By Karen Phelps.
I am not sure how I have found myself in a dark bar salsa dancing with a man half my size. With his long dark straggly hair, black t-shirt and jeans he looks like a heavy metal groupie. He well could be. Salsa dancing is so much a part of the culture of South America that almost every man will have a bash at it, no matter how many left feet he has, just like my new salsa dancing friend who is heaving me around the dance floor like a sack of salsa flavoured potatoes.
But although salsa is danced pretty much everywhere in South America, from the pueblos to the cities, the further north you head in the continent the stronger the dance grows. The country with the reputation for the best salsa dancing is undoubtedly Colombia, and in particular Cali. In fact for many tourists Cali has little else to recommend apart from the opportunity to see some of the best salsa dancing in the country, if not the world. A melting pot of indigenous, European and African cultures, the city even has its own specific style of salsa. Located near the port of Buenaventura, Cali was the entry point for many new products arriving into Colombia last century, including the phonograph, wireless, and new music such as the mambo and Caribbean beats. By embracing the outside world of music and combining this with its own rhythms, Cali forged a new musical style called ‘salsa caleño’ and a breed of salsa featuring logic defying, lightning fast steps .
A local friend takes me to a little salsa bar off Avenida Sexta, an area that is a famous haunt for Cali partygoers. Inside it is so crowded with sweaty bodies that we have to push our way in. Tables are scattered around the room littered with empty bottles of aguardiente, the popular aniseed flavoured local drink. Salsa dancing is not limited to the dance floor. Everywhere hips are swaying and toes tapping to the fast salsa beats. There is a raw energy – this is the salsa of the people and of the streets.
South American, and in particular Cali salsa, is difficult for foreigners to get their hips around. Salsa is all about the hips, and in Cali it’s also about the feet. The basic step of Cali salsa has steps breaking backwards diagonally, instead of moving forwards and backwards as is typically seen in American salsa. Dancers do not move their upper bodies much, instead keeping still yet relaxed, while their feet perform endlessly complicated rapid movements.
South Americans seem to be born with an innate salsa rhythm gene that is difficult to replicate. But you won’t have any trouble attempting to try out your dance moves, no matter how bad they might be. In South America, particularly for women, it is not uncommon to be dancing on the floor with your girlfriends one minute, then the next have a strange man grab your hand and try to spin you around. Not that salsa is all about the art of dance floor flirtation, it can also simply be a way to meet new people and have a bit of fun. This means that to learn the basics it is not necessary to take classes. There will be plenty of willing men to show you a step or two on the dance floor of many local bars and clubs. But if you do want to perfect your steps there is a wide array of salsa classes available, some even for free. You know you must be in the capital of salsa when your hostel even offers free salsa lessons for guests.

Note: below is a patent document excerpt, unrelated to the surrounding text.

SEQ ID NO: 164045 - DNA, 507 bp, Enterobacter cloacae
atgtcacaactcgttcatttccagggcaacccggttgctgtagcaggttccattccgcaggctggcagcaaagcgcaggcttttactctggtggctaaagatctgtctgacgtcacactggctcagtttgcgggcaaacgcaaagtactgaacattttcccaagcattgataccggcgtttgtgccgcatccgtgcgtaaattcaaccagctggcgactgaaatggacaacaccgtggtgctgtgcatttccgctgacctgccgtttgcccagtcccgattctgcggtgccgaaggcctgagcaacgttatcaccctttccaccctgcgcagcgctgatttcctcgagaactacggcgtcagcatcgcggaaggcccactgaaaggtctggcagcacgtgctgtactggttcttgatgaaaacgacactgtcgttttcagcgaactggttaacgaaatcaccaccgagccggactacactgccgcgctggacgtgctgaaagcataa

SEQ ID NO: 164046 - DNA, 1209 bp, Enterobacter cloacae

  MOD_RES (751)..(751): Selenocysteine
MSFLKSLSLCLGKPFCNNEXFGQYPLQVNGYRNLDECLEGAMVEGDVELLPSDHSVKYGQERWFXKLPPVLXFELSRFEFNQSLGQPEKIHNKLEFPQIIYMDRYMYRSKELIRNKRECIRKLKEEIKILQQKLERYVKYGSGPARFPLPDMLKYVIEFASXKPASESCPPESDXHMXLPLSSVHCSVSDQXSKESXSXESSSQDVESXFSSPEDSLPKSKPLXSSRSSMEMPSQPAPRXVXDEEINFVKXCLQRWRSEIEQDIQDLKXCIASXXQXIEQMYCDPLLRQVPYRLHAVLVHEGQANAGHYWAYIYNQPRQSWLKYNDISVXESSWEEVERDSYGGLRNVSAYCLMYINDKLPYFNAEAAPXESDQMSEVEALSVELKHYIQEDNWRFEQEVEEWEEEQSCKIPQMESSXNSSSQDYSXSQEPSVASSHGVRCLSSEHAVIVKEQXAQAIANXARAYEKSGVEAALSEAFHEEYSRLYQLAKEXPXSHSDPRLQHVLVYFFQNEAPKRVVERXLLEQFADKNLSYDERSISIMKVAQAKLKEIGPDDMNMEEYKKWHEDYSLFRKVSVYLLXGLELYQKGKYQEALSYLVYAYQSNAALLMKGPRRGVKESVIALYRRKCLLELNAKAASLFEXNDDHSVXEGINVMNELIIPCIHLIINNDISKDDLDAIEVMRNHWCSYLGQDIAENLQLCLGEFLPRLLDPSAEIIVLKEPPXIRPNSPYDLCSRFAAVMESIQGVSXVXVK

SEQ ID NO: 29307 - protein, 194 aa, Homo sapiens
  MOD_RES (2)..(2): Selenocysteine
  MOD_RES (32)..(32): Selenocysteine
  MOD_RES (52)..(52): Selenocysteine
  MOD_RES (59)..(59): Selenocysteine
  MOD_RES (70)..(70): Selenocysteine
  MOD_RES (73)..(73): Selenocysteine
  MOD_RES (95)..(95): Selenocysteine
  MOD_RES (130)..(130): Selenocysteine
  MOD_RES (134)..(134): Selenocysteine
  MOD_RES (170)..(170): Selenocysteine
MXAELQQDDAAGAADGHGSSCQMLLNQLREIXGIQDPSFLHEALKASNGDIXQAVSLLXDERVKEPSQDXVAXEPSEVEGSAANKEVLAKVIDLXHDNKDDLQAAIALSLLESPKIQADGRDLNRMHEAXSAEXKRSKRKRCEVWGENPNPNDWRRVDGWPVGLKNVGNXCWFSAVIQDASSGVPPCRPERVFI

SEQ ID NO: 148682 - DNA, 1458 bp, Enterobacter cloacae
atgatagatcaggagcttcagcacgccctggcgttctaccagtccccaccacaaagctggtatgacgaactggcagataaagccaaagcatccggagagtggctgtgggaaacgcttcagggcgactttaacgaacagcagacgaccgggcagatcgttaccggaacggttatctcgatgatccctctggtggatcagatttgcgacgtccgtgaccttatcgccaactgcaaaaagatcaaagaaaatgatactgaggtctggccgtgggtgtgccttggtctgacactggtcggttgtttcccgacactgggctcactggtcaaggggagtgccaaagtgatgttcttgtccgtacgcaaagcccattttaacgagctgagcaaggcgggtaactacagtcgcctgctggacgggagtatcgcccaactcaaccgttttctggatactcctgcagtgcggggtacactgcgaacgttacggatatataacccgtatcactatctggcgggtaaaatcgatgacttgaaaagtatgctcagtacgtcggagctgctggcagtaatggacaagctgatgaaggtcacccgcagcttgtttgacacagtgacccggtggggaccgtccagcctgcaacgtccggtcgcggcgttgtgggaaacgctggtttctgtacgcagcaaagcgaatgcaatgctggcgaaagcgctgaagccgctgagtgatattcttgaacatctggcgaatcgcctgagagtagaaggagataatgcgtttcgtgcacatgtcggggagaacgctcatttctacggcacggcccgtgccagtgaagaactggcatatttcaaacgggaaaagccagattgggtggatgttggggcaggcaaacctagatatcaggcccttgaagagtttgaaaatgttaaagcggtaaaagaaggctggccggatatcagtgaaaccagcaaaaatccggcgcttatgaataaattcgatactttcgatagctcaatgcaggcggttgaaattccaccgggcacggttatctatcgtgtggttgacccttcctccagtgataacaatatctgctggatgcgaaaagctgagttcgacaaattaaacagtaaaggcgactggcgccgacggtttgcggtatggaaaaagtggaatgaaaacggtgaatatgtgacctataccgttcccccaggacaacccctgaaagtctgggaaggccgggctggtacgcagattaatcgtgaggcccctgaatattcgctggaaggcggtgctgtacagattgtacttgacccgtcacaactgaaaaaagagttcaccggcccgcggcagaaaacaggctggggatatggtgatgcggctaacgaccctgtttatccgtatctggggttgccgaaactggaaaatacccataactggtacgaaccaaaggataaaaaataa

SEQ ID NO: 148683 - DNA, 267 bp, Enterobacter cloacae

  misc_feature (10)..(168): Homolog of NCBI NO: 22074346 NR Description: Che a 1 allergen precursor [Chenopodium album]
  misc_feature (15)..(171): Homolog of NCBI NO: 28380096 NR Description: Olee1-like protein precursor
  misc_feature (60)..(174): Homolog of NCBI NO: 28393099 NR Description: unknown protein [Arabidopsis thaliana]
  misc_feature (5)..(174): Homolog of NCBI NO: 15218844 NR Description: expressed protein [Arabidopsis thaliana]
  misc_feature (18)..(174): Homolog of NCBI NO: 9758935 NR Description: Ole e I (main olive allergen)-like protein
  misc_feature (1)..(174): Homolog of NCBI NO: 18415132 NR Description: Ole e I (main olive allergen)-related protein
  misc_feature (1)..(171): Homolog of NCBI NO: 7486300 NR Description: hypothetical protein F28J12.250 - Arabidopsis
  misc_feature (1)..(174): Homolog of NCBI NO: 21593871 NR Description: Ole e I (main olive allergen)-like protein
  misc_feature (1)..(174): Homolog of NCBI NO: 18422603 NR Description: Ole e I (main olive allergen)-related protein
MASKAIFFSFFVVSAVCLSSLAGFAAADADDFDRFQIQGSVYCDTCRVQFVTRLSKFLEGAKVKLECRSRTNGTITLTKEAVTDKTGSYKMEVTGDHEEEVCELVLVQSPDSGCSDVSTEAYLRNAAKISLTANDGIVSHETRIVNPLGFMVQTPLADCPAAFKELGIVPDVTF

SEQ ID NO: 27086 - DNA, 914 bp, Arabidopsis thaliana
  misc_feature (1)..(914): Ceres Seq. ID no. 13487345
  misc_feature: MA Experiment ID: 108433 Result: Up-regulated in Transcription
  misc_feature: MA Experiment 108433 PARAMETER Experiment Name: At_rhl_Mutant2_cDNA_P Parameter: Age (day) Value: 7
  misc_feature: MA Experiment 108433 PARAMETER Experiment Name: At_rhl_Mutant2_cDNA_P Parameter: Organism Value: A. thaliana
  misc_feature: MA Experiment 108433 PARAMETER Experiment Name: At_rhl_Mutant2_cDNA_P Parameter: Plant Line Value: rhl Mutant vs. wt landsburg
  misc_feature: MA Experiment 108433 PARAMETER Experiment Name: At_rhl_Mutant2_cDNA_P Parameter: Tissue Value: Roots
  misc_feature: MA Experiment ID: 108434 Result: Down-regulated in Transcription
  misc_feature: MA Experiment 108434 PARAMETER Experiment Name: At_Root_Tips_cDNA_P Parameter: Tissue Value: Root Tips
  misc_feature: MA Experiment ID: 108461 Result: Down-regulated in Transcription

I am fortunate enough to be in Cali for the annual Festival Mudial del Salsa. This free event is a great way to see the best salsa dancers in the country all in one place. Held over an entire week this festival hosts live performances, films and salsa dance workshops held in an outdoor amphitheatre. Dancers and supporters gather by the hundreds to applaud the dancers strutting their stuff on the stage. With literally sometimes a hundred or more dancers competing in each category, be prepared for the festival to last all day and all night. Costumes are revealing, sparkly and flamboyant and often made by the dancers themselves or their families. Dancers are assessed for their attitude, technique, choreography and costumes. The spangles and tassels fly because these chicas and chicos can really shake their ‘booties’!
The performers make dancing salsa look easy, but of course it is not. So I ask my Colombian friend for advice. This is what he says, in a nutshell, is salsa South American style.
1. Feel the rhythm in your stomach.
2. Women should wear high heels.
3. Drink some aguardiente or rum (if you’re over 21 and drink responsibly)
4. Learn the songs to sing while you dance.
WHERE TO STAY
Jovitas Hostel and School of Salsa offers free salsa lessons and free yoga classes.
Calle 4 #5-43
WHERE TO LEARN
Academia Combinación Rumbera
Parroquia Santa Ana Calle 28B No. 33E-70
Cra 26ª No. 76-47
Escuela de Baile Impacto Latino
Cra 41 No. 38-75
Fundación Artística Nueva Dimensión
Calle 36 No. 41A-10 Autop. Simón Bolívar
Fundación Escuela de Baile Swing Latino
Cra 33 No. 29-11
WHERE TO DANCE
Tin Tin Deo tintindeocali.com
Festival Mundial de Salsa is held in September. festivalsalsacali.com
Delirio Held on the last Friday of the month this show has dancers, musicians and acrobats. delirio.com.co
Salsa y Verano Held in late July with lots of live music and dancing.
Feria de Cal 25-31 Dec. Basically a big street carnival party. feriadecali.com
Photo: Courtesy of www.delirio.com.co
Video: Courtesy of youTube.
Dance Informa/Dance News International takes no responsibility for the content of any videos viewed through youTube.
Pingback: Tweets that mention Sizzling Salsa in South America | Dance Informa Magazine -- Topsy.com